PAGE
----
Working with Virtual Desktops

Windows works on the premise of everything taking place on top of a "desktop." When you start a new program, it is run on top of the desktop, effectively covering up the desktop. In fact, all programs are run on this desktop, so it can get a bit confusing when you have more than a couple of programs running at the same time. Which Microsoft Word window contains the

document you're working on, rather than the one you've opened to take notes from? Where is that My Computer window you were using to copy files?

SUSE Linux overcomes this problem by having more than one desktop area. By using the Pager tool, you can switch between two virtual desktops. This is best explained by a demonstration.

  1. Make sure that you're currently on the first virtual desktop (ensure that the 1 square is highlighted on the Pager) and start up the web browser by clicking its icon in the Panel.

  2. Click 2 in the Pager. This will switch you to a clean desktop, where no programs are running—desktop number two.

  3. Start up the file browser (by clicking the icon just to the right of the K menu icon), and you should see that the browser fills the screen.

  4. Click the 1 in the Pager again. You should switch back to the desktop that is running the web browser.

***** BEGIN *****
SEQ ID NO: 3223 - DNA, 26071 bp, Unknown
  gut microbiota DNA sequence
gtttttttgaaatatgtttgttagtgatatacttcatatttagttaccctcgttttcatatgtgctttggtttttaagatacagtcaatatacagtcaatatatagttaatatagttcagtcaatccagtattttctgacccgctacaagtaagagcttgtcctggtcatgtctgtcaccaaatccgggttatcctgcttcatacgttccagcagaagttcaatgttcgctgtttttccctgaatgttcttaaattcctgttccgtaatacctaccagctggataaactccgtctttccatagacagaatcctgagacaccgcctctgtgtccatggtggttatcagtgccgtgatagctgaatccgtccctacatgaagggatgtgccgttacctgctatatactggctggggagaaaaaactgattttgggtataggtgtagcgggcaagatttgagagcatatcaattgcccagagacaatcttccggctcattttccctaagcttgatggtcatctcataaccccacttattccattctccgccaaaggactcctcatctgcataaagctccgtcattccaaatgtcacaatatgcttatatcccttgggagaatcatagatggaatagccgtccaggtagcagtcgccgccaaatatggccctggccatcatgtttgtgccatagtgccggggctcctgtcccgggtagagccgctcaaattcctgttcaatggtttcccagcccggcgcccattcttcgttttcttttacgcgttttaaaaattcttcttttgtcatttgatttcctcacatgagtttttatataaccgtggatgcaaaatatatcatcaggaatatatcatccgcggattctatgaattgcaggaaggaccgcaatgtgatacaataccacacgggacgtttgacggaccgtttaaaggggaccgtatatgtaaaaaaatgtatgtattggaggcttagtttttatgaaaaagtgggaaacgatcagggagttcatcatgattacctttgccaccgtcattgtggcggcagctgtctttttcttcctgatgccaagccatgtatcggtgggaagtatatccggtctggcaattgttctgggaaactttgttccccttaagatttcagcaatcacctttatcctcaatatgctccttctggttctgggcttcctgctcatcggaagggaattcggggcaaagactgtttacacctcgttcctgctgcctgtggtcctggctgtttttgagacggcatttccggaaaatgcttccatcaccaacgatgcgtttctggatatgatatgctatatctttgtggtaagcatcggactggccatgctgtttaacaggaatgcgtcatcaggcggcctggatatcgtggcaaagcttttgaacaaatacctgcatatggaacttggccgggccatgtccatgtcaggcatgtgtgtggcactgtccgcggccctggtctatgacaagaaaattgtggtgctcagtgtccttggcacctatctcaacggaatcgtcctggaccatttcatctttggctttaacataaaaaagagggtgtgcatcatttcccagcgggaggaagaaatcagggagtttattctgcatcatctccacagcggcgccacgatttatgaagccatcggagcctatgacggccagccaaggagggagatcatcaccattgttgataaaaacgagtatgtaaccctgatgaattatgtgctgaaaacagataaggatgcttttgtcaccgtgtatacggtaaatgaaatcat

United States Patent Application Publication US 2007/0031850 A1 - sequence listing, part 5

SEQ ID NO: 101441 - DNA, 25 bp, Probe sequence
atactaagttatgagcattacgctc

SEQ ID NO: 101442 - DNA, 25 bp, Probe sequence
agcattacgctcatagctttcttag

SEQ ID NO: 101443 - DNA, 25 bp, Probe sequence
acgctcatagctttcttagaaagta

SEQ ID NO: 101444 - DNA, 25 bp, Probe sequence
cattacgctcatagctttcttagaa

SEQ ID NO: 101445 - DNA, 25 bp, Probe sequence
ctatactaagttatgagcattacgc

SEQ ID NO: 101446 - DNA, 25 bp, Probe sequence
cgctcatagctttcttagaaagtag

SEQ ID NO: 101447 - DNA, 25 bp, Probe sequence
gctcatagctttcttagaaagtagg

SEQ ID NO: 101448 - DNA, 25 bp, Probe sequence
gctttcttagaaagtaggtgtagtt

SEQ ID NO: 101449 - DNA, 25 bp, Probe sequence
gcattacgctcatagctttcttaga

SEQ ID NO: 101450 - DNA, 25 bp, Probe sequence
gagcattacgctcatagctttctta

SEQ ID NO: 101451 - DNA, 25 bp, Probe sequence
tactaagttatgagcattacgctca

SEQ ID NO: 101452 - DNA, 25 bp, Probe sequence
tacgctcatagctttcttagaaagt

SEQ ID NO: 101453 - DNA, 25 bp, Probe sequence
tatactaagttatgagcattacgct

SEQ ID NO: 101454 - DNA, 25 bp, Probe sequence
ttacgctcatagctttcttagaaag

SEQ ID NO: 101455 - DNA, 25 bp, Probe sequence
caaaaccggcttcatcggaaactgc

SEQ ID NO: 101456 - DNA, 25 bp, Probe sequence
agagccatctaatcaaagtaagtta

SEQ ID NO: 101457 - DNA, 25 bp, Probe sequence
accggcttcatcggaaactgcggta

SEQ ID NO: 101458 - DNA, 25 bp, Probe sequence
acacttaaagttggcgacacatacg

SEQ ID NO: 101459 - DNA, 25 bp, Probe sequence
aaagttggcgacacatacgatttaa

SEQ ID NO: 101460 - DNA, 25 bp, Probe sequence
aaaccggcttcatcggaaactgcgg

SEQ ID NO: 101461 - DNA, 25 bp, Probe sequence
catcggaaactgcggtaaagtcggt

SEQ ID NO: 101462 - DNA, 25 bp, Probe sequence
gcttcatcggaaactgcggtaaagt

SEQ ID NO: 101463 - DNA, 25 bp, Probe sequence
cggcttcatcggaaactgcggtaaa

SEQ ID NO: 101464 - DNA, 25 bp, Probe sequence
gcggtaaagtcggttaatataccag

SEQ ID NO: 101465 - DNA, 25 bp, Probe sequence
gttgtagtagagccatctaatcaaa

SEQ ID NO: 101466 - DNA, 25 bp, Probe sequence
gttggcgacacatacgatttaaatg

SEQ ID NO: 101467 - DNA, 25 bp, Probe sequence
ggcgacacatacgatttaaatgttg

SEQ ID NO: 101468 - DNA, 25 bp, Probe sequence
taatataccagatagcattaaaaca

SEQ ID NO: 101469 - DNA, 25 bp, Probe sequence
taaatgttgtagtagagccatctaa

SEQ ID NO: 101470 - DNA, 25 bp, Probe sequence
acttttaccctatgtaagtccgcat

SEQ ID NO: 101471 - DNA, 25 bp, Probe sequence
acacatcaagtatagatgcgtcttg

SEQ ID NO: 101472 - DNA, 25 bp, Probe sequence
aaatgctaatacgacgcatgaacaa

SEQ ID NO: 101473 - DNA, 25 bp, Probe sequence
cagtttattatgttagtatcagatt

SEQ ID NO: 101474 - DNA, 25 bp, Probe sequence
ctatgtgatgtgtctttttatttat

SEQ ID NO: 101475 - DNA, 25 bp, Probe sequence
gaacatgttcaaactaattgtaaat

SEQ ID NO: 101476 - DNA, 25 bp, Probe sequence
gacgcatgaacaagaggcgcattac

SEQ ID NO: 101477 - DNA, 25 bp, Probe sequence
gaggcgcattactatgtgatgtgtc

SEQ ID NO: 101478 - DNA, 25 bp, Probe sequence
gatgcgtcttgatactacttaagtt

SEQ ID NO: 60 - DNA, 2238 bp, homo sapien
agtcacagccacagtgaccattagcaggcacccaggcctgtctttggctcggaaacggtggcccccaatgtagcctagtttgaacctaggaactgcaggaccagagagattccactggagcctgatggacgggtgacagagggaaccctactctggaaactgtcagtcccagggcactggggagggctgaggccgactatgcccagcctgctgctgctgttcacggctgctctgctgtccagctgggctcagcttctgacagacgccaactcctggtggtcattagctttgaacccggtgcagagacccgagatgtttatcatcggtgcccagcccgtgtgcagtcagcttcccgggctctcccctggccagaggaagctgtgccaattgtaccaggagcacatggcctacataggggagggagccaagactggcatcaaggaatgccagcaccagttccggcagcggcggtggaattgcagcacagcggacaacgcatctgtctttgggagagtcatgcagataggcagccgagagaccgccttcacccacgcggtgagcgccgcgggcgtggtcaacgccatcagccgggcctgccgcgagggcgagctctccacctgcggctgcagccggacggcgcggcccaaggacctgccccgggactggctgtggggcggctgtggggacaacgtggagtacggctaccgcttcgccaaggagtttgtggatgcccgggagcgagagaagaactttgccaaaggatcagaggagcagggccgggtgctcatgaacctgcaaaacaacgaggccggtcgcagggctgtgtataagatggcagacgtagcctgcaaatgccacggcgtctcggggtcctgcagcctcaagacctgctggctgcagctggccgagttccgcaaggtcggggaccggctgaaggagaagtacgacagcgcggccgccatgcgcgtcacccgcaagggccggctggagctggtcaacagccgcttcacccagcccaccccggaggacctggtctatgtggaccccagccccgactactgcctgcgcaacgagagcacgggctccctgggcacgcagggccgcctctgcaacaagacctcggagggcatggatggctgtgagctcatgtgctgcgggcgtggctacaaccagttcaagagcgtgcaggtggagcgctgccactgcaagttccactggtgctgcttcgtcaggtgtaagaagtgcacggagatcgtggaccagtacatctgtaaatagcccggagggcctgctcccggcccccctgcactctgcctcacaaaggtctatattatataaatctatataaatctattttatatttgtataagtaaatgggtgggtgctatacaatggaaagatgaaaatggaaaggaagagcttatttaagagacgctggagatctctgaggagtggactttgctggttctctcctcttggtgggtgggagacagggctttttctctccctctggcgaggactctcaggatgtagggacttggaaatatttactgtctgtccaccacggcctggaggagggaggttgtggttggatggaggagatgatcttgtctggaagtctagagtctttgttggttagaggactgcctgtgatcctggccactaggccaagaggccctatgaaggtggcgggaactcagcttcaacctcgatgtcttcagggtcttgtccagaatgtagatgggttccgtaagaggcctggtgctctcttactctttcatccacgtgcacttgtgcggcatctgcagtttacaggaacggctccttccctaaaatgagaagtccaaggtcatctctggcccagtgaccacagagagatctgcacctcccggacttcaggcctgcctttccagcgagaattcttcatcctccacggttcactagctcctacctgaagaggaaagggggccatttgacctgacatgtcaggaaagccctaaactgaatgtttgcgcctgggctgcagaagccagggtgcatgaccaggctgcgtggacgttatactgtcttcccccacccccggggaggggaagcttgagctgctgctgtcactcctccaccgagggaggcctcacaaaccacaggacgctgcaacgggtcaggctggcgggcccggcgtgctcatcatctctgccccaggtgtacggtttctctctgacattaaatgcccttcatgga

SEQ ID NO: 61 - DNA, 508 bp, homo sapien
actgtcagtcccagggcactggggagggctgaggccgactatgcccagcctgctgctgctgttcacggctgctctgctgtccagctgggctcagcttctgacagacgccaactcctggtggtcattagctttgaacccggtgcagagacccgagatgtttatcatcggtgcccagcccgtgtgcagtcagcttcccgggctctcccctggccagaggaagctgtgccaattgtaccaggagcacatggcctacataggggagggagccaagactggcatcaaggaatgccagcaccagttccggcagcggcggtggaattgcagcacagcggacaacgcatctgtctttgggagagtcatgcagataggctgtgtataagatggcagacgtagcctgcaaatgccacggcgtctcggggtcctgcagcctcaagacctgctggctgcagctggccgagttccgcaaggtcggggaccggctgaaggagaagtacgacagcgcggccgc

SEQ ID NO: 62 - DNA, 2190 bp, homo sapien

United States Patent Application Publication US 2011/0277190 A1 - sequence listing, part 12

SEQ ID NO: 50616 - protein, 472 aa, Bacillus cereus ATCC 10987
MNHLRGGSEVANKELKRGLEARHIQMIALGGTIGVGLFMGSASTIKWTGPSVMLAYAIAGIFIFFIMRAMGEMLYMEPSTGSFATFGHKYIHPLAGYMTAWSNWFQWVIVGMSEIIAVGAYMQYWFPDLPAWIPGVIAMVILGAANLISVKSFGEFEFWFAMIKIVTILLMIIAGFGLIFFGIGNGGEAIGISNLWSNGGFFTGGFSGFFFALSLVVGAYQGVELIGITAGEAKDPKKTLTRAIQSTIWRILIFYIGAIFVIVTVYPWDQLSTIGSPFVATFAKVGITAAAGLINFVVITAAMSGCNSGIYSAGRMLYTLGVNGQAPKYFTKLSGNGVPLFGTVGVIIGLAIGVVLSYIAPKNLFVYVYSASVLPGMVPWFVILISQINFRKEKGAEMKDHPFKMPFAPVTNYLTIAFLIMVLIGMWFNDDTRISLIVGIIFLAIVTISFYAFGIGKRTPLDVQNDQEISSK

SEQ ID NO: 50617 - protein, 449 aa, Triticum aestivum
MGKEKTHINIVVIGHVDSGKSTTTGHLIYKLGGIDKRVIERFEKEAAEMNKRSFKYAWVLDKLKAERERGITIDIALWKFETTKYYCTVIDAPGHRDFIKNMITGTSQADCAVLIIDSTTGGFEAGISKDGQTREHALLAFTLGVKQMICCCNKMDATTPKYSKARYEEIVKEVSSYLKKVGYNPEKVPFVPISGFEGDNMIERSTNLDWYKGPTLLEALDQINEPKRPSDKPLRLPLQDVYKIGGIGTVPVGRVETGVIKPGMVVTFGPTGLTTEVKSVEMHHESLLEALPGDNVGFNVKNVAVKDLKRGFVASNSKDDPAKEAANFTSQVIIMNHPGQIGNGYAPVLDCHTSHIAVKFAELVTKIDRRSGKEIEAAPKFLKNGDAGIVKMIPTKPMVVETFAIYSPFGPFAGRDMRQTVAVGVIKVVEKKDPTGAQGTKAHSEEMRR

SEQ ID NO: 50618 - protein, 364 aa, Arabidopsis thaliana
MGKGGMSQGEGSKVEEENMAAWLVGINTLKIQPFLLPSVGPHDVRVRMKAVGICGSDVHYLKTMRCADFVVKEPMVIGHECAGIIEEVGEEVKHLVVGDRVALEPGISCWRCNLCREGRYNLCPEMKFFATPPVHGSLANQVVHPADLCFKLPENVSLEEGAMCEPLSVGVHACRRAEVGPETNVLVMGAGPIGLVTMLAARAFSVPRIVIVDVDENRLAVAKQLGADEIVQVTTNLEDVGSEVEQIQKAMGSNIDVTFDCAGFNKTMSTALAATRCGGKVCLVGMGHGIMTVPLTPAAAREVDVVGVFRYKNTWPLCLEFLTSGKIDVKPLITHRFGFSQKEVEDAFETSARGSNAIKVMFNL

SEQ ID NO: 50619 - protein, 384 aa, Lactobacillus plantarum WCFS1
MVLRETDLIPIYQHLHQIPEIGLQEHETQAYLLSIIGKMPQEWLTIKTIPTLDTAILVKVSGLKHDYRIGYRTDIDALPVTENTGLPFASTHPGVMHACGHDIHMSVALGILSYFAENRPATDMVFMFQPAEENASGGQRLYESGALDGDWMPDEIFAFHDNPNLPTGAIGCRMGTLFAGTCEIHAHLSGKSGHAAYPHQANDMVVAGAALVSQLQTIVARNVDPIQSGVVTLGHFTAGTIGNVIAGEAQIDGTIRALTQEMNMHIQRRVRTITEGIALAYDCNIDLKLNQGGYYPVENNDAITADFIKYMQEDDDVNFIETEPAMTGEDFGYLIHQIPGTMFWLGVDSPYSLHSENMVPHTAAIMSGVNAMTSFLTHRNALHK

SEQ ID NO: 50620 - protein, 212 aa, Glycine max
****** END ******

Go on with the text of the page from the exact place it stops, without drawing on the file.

5. Click the 2 square, and you'll switch back to the other desktop, which is running the file browser.

See how it works? In addition to running its own set of programs, each desktop can also have its own icons and wallpaper (although, by default, they just copy the main desktop).


Right-clicking any of the program entries in the Taskbar will bring up a menu where you can move a program from one virtual desktop to another.

You can create more than two virtual desktops—as many as 16—if you want to organize your work this way. Right-click the Pager icon and select Configure Virtual Desktops. In the Configure - Multiple Desktops window, drag the slider until you have the number of desktops you want, as shown in Figure 7-6.

image from book
Figure 7-6. Two virtual desktops are set up by default, but you can have as many as 16.

You can also rename each virtual desktop. This allows you to be even more organized. For example, you might reserve desktop 1 for running Internet programs and give it a name that indicates this, such as Net Programs. You might then use desktop 2 to run office programs, giving it an appropriate title; use desktop 3 for file browsing; and so on. If you then hover your mouse over the buttons on the Pager, you should see what each desktop does. Additionally, these titles will appear whenever you right-click and choose to send each program window to a different desktop.


Putting your mouse over the Pager tool and scrolling the mouse wheel switches between the various virtual desktops instantly.

The Pager provides a way of organizing your programs and also reducing the clutter. Some people swear by it. Experienced SUSE Linux users may have in excess of ten virtual desktops, although clearly this will appeal only to organizational geniuses! Other users think it's a waste of time. It's certainly worth trying out to see if it suits the way you work.

Beginning SUSE Linux from Novice to Professional
Beginning SUSE Linux: From Novice to Professional
ISBN: 1590594584
EAN: 2147483647
Year: 2005
Pages: 293
Authors: Keir Thomas

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